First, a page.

City Monument – Bagh e Nabiullah Mosque, Hauz Qazi
[Text and photos by Mayank Austen Soofi]
The courtyard springs up without warning.
Outside—a dense blab of peoples, sounds, streets and multifarious sensations. Inside—this airy courtyard, utmost silence, and barely anyone.
Bagh e Nabiullah sits in the heart of Old Delhi’s Hauz Qazi Chowk. The mosque is a few steps away from the super-busy Chawri Bazar metro station. Lesser known but immensely beautiful, the monument is impossible to spot from the street. Sandwiched between two shops, the doorway is rarely flapped open to reveal the spaciousness within. A curious visitor must push the door but slightly to be instantly upgraded into an altogether different world. The effect is pleasantly unsettling. It is like walking exhaustedly along a crowded locality, and suddenly being pushed through a disguised portal into a cool cloister of air, space and quietude. This afternoon, the mosque is permeated with an ambiance of secretiveness. As if the milling masses outside have been actively denied the awareness of this extraordinary stillness existing in such close vicinity. A pink bougainvillaea shrub is the only noisy distraction in the courtyard. The rest is all calmness. The pool for ablution is of marble (it is dry). The facing wall has a corroded door of weatherbeaten green. Touching it is like getting physically close to the many cycles of seasons that have given the door its today’s texture.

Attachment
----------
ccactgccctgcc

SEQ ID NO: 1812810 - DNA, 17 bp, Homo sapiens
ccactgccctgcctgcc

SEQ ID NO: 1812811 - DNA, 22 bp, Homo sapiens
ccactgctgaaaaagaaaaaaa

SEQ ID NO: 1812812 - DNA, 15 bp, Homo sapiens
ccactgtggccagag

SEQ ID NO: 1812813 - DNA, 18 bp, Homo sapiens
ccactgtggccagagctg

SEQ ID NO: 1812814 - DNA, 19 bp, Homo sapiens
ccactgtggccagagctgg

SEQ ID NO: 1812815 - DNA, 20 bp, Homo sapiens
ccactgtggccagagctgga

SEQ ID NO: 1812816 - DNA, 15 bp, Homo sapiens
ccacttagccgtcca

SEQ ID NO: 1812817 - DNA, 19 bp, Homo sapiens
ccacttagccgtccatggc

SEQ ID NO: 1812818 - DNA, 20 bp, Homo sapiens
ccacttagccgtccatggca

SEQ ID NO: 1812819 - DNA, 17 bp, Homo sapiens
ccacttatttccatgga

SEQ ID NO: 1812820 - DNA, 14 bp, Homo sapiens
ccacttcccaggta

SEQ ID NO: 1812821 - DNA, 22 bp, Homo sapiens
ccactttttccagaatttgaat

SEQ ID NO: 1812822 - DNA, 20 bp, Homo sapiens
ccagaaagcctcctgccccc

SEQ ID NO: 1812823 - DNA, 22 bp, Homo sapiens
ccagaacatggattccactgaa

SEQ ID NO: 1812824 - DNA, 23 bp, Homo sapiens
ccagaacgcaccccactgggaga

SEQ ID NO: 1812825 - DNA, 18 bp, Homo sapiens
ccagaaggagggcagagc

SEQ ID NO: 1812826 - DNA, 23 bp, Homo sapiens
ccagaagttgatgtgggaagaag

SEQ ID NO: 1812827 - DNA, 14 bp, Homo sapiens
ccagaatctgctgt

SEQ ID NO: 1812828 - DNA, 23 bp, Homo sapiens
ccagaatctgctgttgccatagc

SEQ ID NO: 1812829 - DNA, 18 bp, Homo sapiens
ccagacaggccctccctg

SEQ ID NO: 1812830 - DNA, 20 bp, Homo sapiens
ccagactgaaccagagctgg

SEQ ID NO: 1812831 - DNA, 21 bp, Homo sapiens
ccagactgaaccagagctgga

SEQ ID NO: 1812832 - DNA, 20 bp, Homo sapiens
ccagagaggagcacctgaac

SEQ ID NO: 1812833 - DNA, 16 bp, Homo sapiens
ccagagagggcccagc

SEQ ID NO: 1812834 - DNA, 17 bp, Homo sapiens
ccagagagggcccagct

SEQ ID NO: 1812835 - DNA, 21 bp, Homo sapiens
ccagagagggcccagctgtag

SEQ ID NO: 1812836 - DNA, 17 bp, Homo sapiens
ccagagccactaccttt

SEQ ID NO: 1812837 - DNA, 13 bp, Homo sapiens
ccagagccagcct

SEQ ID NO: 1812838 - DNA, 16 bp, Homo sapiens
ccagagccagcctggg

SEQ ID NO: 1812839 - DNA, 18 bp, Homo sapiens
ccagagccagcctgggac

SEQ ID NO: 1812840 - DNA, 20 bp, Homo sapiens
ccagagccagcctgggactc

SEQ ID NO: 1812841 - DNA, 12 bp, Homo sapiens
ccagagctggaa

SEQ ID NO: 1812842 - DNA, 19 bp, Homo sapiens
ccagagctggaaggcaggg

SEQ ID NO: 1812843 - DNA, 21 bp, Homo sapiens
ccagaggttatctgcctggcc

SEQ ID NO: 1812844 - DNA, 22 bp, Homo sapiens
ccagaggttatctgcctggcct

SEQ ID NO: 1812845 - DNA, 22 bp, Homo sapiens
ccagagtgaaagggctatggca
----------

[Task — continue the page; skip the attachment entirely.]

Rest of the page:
In one of the small side-chambers, a man is eating his meal of rotis and lauki subzi.
And now the mosque’s imam appears. He is dressed in white. Pacing about the courtyard, the venerable Abul Misbah, 67, informs that the mosque dates from 400 years ago and was commissioned by Maulvi Qazi Nabiullah in what was originally his bagh, garden. “He built the mosque for his private use… it was never meant for the public, that is the reason of its quietness.”
The prayer hall inside is even more silent. It lies withdrawn into a cooling darkness, like a refuge to hibernate, burrowed out from a cave where the warm daylight never reaches. Carved wooden windows adorn the upper portions of the wall. They are shut closed.
On exiting, the brightly lit world welcomes back the dazed visitor with a renewed vigour. Bagh e Nabiullah continues to linger in the memory, but as a place more imagined than actually experienced.